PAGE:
You are here: HomeWallOpinionsArticles2009 05 19Article 162258

Opinions of Tuesday, 19 May 2009

Columnist: Adu-Asare, Yaw

Performance Review of the Second Kufuor Administration

By: Yaw Adu-Asare

WOODBRIDGE, Virginia; Friday, May 15, 2009 --- This article is a brief discussion of the performance and outcomes of the second New Patriotic Party (NPP) government of Ghana (from January 2005 to December 2008) led by the former President John Agyekum Kufuor.

The discussion below is based on the assessment of the Kufuor administration by the former president himself in his speeches and pronouncements. In this regard, the discussion leaves room for Ghanaian readers to judge for themselves veracity of the former president’s accounting of his stewardship during the period under consideration. The discussion allows Ghanaians to determine also whether the Kufuor administration accomplished what the former president had promised to do at the beginning of the second term.

Kufuor was so convinced of the success of performance of his four-year administration which he dubbed as a period of POSITIVE CHANGE, that he believed even, that the re-election of the NPP government to a second term in December 2004 was an affirmation of that conviction by Ghanaian voters. “Happily, we have remained committed to our promises and in return, Ghanaians have renewed our mandate for a second term,” Kufuor told Ghana’s parliament.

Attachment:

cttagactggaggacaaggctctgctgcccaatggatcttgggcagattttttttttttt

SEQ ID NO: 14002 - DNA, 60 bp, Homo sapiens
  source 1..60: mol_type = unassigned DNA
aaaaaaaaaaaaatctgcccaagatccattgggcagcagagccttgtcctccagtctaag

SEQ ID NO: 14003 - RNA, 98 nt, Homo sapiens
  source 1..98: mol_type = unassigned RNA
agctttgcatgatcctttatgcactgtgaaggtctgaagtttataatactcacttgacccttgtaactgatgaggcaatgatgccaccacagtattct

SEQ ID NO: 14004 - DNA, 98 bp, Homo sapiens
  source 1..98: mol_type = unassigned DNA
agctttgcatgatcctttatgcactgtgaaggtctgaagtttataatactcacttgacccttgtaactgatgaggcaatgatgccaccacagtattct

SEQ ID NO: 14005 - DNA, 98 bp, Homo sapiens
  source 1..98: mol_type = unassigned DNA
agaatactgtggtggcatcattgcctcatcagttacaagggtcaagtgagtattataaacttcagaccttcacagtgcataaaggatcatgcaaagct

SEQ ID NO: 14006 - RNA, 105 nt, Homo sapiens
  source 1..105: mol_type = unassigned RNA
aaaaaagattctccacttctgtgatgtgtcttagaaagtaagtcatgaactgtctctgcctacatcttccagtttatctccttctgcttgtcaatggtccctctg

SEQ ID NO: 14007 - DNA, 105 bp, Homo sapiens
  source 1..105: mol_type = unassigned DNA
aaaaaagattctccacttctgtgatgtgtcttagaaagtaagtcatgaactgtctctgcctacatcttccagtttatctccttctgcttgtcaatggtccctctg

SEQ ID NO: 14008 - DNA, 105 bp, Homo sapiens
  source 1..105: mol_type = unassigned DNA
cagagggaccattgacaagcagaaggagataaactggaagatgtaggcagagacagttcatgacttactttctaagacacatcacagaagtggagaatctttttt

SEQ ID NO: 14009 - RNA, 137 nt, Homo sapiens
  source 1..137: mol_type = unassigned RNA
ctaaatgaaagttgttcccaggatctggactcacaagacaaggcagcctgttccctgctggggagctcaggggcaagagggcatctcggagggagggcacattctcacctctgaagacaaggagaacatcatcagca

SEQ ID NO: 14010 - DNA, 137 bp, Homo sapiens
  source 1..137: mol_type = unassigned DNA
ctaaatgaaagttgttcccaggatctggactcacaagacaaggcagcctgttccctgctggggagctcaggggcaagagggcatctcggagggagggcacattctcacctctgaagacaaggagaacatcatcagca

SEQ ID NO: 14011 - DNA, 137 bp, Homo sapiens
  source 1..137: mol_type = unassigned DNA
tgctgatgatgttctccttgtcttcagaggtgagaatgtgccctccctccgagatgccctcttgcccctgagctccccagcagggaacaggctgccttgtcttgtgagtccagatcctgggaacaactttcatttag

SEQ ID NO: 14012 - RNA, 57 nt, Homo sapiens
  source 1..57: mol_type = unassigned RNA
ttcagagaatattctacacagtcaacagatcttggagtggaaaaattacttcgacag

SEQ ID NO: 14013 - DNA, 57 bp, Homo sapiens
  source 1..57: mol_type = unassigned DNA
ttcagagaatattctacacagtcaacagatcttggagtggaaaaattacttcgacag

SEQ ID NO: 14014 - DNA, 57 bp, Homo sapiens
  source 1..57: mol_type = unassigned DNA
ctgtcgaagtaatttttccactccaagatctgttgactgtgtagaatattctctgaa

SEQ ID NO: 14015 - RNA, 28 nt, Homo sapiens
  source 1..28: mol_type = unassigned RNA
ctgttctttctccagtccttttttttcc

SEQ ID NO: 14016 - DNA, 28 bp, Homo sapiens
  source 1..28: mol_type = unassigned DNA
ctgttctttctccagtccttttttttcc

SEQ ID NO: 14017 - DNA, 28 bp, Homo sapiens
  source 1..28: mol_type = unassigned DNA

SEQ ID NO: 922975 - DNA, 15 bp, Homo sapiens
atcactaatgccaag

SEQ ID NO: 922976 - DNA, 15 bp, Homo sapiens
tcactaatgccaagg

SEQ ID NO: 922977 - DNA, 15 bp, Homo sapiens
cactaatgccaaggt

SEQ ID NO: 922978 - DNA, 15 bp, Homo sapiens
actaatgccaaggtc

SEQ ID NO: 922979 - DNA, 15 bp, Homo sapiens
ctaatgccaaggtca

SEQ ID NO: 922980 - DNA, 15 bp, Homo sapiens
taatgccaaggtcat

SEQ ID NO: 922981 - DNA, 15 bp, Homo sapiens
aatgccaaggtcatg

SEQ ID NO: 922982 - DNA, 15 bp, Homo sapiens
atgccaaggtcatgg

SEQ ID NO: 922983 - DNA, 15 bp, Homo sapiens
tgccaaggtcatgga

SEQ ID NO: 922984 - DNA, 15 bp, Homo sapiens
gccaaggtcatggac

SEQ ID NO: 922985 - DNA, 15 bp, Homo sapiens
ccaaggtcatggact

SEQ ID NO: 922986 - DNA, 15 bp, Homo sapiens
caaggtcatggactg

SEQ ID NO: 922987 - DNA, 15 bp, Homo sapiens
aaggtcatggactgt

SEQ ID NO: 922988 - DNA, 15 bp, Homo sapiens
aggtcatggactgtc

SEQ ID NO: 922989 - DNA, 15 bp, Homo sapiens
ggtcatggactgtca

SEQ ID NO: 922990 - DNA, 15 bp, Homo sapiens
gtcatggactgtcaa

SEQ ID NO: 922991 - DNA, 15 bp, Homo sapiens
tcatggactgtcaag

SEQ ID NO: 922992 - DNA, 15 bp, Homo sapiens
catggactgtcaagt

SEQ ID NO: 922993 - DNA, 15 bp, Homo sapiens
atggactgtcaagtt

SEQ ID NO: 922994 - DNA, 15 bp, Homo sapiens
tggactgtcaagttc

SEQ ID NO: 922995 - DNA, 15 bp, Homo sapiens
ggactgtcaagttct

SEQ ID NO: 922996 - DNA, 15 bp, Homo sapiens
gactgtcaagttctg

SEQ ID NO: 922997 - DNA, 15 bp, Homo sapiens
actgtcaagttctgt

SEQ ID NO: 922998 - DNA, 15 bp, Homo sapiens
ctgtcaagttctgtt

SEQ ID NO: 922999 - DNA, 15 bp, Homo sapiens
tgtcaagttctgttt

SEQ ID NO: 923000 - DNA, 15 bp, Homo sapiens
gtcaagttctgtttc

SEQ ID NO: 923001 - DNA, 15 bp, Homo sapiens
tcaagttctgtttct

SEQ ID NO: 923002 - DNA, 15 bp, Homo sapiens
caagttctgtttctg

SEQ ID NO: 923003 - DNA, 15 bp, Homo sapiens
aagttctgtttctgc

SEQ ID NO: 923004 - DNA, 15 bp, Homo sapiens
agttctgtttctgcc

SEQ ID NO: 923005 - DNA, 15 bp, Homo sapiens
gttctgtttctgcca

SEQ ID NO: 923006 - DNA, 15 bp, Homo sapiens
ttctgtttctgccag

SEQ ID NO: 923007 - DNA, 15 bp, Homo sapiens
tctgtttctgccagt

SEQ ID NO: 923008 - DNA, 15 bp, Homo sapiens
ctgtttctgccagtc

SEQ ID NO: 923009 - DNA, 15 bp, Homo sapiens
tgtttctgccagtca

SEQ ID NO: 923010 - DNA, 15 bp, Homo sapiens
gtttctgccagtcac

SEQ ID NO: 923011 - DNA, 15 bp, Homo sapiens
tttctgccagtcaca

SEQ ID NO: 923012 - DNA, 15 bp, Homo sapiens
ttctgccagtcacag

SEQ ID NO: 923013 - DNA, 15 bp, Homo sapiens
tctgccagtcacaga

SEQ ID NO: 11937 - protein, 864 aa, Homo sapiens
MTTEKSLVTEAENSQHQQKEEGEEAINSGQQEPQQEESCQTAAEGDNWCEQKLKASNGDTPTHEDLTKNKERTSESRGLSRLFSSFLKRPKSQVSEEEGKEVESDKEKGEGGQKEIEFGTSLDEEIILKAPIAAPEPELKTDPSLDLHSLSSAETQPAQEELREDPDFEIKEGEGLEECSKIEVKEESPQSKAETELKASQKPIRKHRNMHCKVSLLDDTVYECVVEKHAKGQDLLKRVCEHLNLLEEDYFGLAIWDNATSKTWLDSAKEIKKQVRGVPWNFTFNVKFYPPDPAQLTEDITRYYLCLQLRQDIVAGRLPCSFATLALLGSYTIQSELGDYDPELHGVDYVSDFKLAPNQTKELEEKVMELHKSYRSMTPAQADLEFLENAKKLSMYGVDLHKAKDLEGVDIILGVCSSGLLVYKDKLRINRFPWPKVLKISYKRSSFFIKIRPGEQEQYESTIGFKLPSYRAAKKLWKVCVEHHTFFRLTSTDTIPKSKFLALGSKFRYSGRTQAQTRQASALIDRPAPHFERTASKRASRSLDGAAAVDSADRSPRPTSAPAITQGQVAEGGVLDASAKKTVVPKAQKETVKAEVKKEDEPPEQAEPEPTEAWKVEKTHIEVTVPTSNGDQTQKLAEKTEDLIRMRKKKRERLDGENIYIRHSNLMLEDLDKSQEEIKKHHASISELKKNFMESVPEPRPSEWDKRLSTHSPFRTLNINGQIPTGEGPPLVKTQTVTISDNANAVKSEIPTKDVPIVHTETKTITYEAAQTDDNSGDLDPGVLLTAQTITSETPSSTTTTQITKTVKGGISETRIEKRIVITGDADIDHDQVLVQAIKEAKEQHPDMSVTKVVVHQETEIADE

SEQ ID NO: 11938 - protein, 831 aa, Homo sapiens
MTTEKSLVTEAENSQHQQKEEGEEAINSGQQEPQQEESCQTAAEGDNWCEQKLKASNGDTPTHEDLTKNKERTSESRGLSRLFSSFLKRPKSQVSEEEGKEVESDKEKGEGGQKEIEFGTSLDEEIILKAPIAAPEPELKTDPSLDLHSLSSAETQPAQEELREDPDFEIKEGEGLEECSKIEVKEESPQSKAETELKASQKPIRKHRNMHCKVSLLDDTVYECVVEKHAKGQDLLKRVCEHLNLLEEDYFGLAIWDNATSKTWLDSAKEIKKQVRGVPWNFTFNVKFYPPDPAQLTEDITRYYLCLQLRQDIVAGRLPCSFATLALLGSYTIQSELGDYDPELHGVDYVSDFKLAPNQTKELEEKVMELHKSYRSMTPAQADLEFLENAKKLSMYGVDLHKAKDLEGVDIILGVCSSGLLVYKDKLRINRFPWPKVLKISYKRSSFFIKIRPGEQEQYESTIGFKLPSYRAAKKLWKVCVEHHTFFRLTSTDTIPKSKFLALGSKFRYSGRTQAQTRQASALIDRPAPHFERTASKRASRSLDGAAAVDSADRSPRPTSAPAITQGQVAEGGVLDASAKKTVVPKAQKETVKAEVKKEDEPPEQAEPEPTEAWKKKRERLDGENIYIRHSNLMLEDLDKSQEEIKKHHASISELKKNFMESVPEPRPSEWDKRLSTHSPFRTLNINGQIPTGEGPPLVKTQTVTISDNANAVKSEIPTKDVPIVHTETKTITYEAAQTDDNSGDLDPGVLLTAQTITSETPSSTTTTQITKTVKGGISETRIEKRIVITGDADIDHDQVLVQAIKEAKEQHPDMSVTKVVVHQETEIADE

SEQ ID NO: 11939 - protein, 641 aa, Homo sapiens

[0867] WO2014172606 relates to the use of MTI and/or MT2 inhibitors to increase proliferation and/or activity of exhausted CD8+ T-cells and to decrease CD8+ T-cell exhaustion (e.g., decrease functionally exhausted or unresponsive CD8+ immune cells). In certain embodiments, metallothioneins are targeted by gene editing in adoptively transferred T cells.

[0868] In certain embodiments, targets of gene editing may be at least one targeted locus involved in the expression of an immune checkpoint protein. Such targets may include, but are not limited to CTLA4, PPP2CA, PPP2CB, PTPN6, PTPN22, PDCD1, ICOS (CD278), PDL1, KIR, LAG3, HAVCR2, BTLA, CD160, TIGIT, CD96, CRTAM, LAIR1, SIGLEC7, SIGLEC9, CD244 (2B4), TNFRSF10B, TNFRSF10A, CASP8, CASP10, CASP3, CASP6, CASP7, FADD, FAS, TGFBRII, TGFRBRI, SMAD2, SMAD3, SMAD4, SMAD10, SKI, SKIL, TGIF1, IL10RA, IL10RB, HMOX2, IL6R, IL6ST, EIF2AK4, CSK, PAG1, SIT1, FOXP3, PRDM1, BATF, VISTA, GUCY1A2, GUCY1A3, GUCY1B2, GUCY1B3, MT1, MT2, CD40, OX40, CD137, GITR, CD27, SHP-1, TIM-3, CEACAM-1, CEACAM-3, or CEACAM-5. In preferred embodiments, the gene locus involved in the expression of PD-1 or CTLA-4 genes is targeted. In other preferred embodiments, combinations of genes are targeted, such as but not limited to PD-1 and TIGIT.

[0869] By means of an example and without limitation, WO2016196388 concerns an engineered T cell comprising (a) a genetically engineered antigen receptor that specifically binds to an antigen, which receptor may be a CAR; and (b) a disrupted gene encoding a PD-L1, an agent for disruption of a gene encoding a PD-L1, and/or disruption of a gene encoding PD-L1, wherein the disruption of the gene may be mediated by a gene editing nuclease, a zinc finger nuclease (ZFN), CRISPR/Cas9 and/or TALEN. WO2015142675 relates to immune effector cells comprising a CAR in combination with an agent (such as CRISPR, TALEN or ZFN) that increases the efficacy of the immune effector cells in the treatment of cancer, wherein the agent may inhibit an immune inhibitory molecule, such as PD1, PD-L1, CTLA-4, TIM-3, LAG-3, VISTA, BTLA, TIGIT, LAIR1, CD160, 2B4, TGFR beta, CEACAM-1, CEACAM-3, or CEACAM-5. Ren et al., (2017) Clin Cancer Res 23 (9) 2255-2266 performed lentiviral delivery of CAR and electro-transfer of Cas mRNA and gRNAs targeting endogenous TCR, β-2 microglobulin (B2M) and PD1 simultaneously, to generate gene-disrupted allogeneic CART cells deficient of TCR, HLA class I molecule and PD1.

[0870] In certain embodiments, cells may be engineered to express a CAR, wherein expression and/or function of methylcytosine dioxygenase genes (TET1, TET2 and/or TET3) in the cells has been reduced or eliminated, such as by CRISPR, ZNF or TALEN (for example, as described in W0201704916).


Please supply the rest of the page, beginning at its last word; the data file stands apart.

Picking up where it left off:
In spite of Kufuor’s observation that the achievements of his first term in office remained work in progress, he believed “…the NPP government succeeded in laying a firm foundation for rapid economic growth.” On that strength, he told parliament that implementation of “POSITIVE CHANGE CHAPTER 2” would be based on five priority areas for development selected by his first administration for focus. In that regard, Kufuor declared, “Government is sharpening its focus more by adopting a three-pronged strategy: (1) Vigorous Human Resource Development, (2) Private Sector Development and (3) a continuing emphasis on Good Governance,” for “accelerated growth.”

In addition to the designated “three-pronged strategy” Pres. Kufuor indicated to parliament that in his second term, “…government will promote the concept of “Ghana Incorporated” to inculcate a businesslike approach to all spheres of activity and emphasize the inter-dependence and common destiny among all stakeholders of the polity.”

The five priority areas selected by the first Kufuor administration for development were the following: (1) Infrastructure provision; (2) Agriculture modernization in tandem with rural development; (3) Provision of social services, i.e. healthcare delivery and education; (4) Good governance implementation and (5) Private Sector development. In that regard, it is fair for one to assume that the second Kufuor administration was primed to use enhanced human resource development, the force of the private sector and good governance as instruments to boost performance in infrastructure provision and modernization of agriculture and rural development.

At the beginning of his final year as president, J. A. Kufuor described his State of the Nation Address to parliament on February 14 2008, as a report of his government’s performance that had been about improving the conditions of Ghanaians. In that address, President Kufuor stated: “Mr. Speaker, on balance, Ghana has been doing progressively well under my watch, and enjoying tremendous goodwill both from within and from the international community, as a result of the performance of the government over the past seven years.”

In the 13-page final “State of the Nation Address”, Kufuor detailed the policy actions that his administration had executed and their outcomes and concluded that “Ghana is now solvent and the economy is strong and resilient.”